Top Economists Warn U.S. Against Underestimating Climate Damage.
A new paper argues that returning to estimates for the cost of carbon dioxide used in the Obama era would leave the U.S. far behind its Paris Agreement goals.
Nobel laureate Joseph Stiglitz and Lord Nicholas Stern published a paper on Monday excoriating the U.S. government—and many of their own peers in economics—for methods used to estimate the cost of climate change. The warning from two influential economists that policymakers are understating the looming damage from warming temperatures comes just days before President Joe Biden’s administration is expected to release an interim report on what’s known as the “social cost of carbon.”
Calculations to define the social cost of carbon allow regulators to adjust federal benefit-cost analyses to account for environmental damage associated with fossil fuels, capturing potentially enormous economic impacts that aren’t reflected in market prices paid to fill a fuel tank or generate electricity by burning gas. This approach enabled President Barack Obama to go ahead with dozens of regulations that account for pollution from energy use. President Donald Trump’s team virtually eliminated the social cost of carbon to reverse Obama era policies, drawing criticism from many resource economists.
The paper from Stiglitz and Stern, chair of the Grantham Research Institute on Climate Change and the Environment at the London School of Economics, runs for 24,000 words and covers topics such as mathematical modeling to concepts such as intergenerational justice traced back Emperor Justinian I in the Sixth Century. “We only had 75 pages in the paper so we couldn’t go through everything,” said Stiglitz, an economics professor at Columbia University.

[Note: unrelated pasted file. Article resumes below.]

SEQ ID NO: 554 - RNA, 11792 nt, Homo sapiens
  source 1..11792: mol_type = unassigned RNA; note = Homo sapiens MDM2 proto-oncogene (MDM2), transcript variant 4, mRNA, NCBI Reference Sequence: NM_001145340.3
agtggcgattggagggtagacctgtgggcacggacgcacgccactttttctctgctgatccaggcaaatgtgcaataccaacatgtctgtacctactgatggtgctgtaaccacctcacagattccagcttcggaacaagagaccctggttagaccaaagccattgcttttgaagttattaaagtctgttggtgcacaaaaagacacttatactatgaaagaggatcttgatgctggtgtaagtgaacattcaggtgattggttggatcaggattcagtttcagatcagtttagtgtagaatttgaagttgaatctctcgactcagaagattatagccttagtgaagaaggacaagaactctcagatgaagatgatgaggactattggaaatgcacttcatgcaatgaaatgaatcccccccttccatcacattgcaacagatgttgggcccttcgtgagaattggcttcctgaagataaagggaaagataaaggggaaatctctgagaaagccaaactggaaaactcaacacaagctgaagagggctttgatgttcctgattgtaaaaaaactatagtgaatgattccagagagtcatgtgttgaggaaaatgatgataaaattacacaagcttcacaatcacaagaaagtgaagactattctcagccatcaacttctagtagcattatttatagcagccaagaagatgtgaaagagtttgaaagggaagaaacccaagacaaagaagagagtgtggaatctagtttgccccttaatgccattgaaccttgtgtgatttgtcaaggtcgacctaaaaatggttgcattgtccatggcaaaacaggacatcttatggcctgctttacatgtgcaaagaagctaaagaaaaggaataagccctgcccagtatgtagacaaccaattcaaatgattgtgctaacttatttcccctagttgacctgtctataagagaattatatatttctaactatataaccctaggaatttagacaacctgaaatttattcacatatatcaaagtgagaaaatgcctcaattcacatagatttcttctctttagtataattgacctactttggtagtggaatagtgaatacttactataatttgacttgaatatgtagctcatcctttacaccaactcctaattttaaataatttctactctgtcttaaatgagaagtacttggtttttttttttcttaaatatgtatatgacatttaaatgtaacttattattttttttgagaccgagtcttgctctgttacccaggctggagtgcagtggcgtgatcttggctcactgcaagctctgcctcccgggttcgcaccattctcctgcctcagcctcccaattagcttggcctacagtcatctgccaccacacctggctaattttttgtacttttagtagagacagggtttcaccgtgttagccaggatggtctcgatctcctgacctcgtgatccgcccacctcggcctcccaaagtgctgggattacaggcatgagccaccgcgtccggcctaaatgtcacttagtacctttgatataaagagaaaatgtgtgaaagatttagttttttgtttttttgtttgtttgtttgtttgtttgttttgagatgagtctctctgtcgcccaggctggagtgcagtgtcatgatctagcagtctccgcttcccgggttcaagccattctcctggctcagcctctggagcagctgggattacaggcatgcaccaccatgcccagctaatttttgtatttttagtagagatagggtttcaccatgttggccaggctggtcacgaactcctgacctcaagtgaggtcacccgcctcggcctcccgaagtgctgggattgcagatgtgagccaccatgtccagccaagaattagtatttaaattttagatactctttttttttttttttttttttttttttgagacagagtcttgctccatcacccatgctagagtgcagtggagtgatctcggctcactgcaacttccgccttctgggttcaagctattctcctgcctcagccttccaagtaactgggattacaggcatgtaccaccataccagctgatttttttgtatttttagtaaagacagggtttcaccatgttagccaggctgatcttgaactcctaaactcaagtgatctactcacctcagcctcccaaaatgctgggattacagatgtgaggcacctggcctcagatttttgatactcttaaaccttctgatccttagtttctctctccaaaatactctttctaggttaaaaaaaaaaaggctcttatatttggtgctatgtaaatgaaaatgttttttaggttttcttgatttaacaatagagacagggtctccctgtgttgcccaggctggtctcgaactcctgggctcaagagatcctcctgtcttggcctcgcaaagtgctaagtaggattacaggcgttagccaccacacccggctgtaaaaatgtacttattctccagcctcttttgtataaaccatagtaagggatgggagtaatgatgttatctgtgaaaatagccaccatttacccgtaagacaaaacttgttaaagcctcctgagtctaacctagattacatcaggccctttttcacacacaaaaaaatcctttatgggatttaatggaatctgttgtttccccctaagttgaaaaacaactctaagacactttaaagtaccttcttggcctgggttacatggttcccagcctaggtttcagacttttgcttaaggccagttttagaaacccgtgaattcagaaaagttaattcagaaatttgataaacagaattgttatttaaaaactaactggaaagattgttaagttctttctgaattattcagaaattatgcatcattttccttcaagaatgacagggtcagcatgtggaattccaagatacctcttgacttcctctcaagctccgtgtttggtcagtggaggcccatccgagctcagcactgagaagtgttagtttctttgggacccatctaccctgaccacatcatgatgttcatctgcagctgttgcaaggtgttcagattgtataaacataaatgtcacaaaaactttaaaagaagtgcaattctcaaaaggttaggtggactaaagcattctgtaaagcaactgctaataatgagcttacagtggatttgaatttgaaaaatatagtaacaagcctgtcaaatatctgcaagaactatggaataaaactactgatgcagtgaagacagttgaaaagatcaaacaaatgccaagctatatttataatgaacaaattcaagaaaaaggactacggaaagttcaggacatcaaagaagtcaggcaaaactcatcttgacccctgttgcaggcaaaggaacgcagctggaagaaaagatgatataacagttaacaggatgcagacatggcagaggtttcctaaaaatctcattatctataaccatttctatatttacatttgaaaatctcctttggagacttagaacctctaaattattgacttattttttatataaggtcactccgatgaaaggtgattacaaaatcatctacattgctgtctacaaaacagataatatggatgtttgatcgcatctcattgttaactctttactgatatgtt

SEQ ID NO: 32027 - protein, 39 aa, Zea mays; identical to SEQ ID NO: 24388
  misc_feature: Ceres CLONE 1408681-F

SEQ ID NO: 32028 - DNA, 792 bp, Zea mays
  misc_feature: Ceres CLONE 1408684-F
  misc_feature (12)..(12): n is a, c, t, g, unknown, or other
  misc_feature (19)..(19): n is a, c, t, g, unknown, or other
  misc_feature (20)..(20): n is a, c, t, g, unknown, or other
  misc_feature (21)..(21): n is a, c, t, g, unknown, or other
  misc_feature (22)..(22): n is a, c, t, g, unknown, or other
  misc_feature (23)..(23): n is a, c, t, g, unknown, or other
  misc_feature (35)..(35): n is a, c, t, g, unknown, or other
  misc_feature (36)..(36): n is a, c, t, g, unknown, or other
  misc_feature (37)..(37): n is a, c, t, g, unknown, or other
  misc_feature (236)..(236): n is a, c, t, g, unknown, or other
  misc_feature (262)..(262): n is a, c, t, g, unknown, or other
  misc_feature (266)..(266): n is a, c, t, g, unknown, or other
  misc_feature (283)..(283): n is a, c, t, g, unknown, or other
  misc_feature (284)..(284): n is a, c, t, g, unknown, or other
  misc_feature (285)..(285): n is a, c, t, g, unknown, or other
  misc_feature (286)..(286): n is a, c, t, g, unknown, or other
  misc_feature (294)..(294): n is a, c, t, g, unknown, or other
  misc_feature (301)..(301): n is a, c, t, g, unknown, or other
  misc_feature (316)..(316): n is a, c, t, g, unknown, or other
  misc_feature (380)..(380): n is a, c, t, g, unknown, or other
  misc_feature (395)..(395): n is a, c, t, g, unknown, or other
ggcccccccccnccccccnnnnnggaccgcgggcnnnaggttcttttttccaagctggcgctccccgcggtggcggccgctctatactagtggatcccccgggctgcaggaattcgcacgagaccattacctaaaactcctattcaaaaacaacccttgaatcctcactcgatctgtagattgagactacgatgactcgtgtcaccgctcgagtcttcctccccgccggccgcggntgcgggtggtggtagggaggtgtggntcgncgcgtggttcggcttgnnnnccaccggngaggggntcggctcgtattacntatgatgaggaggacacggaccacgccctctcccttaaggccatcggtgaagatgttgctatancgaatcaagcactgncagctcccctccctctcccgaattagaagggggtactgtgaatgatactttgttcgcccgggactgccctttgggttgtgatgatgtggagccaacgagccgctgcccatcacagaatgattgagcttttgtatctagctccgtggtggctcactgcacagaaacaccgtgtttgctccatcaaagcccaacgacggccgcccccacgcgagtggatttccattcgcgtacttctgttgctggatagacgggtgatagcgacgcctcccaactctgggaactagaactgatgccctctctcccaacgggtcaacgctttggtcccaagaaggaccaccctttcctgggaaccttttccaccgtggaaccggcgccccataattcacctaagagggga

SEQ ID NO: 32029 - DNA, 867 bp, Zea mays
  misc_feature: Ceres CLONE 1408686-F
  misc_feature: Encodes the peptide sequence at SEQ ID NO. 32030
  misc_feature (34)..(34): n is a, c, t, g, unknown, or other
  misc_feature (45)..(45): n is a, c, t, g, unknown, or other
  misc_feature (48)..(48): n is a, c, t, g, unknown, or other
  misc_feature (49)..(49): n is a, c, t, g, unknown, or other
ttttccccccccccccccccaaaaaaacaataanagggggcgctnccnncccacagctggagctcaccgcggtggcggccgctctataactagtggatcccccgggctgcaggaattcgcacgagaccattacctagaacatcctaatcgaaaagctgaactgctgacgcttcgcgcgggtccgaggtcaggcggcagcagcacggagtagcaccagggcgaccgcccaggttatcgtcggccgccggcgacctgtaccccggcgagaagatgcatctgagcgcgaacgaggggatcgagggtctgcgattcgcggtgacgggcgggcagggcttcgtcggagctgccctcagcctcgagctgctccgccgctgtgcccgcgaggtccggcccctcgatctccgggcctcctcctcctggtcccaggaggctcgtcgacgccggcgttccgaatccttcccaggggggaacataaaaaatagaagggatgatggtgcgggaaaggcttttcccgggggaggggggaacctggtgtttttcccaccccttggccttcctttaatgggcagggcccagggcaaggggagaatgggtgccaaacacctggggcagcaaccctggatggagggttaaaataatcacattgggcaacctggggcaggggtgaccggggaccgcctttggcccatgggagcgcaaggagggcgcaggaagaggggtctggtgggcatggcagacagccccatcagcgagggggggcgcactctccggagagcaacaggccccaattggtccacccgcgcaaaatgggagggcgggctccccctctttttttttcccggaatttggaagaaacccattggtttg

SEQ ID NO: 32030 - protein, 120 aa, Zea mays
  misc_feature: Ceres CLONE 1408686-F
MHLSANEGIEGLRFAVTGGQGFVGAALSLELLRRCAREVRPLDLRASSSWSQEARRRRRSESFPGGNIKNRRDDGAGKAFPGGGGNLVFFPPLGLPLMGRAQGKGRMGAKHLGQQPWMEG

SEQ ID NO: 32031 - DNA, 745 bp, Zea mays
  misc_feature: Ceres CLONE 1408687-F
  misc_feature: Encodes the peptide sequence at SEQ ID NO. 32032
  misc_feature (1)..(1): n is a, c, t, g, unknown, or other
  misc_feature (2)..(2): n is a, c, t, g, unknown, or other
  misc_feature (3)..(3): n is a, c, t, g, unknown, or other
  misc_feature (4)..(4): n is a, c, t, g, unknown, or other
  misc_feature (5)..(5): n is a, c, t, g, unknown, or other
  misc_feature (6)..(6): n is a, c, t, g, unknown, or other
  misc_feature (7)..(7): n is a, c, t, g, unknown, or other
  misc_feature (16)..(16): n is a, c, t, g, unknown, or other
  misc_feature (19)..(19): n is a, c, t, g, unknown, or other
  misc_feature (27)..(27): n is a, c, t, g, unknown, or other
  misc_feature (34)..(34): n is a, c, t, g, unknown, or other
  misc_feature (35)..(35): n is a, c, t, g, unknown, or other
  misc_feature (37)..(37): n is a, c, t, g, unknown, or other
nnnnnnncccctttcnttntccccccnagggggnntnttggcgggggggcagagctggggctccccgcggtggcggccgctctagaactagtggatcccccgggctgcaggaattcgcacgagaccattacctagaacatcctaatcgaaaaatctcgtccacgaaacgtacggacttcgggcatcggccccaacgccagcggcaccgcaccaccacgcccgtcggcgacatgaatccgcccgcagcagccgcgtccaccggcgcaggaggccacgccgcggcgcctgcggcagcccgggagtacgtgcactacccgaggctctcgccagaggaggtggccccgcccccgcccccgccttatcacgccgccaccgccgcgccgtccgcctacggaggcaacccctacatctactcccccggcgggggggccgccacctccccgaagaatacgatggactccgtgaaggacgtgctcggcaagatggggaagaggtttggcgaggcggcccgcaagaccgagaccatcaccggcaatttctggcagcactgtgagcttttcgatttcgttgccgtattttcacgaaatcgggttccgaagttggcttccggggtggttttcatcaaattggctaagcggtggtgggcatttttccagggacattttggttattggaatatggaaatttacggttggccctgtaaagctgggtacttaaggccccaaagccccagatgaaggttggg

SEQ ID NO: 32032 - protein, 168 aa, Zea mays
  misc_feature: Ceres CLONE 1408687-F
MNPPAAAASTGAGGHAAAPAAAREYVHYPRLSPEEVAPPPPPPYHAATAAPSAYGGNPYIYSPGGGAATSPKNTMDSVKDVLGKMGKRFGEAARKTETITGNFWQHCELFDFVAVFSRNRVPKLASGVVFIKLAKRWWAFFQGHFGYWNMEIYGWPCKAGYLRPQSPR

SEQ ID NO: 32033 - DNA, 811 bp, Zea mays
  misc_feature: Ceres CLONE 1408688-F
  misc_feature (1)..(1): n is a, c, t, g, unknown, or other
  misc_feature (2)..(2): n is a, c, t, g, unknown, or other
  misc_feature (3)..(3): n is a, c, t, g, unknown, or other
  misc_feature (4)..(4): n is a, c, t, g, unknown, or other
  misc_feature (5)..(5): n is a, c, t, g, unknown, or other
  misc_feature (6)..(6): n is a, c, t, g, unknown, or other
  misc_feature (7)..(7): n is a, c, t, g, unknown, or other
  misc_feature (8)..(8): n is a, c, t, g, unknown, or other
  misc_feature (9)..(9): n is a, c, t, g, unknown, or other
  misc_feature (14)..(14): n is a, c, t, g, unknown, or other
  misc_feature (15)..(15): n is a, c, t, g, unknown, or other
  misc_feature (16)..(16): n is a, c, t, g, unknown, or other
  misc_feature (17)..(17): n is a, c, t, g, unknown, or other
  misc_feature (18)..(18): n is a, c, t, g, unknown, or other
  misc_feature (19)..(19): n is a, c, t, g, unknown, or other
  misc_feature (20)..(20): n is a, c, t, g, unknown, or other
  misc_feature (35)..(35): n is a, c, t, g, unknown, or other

Without a new approach to the social cost of carbon, the authors warn that the U.S. is significantly underestimating the financial impact of carbon emissions and hindering President Biden’s efforts to steer the country toward a net-zero economy by 2050.
In dollar terms, Stiglitz and Stern suggest the social cost of carbon should be at least $100 a metric ton. That’s well above the $60 level, in 2018 dollars, set under President Obama. The Trump administration disbanded the interagency working group responsible for the social cost of carbon and lowered the estimate to $8. “They just made it up,” Stiglitz said.
Stiglitz and Stern assail U.S. policymakers' assumption that there’s only one market failure they need to consider: a lack of a price on greenhouse gases. Important to include too, they write, are inequality, technological innovation, disclosure of risk in capital markets, the incumbent power of existing infrastructure and social networks, and the damage from other kinds of pollution. They attack conventional models used in climate economics research and by the Obama administration.
“It is a fundamental mistake to begin the analysis of climate change under the premise that, but for the mispricing of emissions, the economy is efficient,” they warn.
The paper expands on their 2017 World Bank-backed High-Level Commission on Carbon Prices. Stiglitz and Stern now recommend an approach to pricing greenhouse gas that emphasizes how globally agreed-on climate limits affect economic analysis. They prefer a framework that “implies that growth, especially correctly measured, may actually be enhanced with stronger climate change policies.”
The U.S. needs to update the social cost of carbon for reasons that go beyond Trump’s changes. Scientists have learned much more about change in the intervening years, according to Stiglitz and Stern, and even the value used by the Obama administration is no longer high enough to set the U.S. on a path to reaching the goals of the Paris Agreement.
Without using an approach that is up to the task, they warn, the U.S. may fail to live up to its political goals. “Almost surely,” they write, if the new administration relies on the same climate-economic models, “the U.S. would be committing itself not to achieve the Paris goals.”
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15 February 2021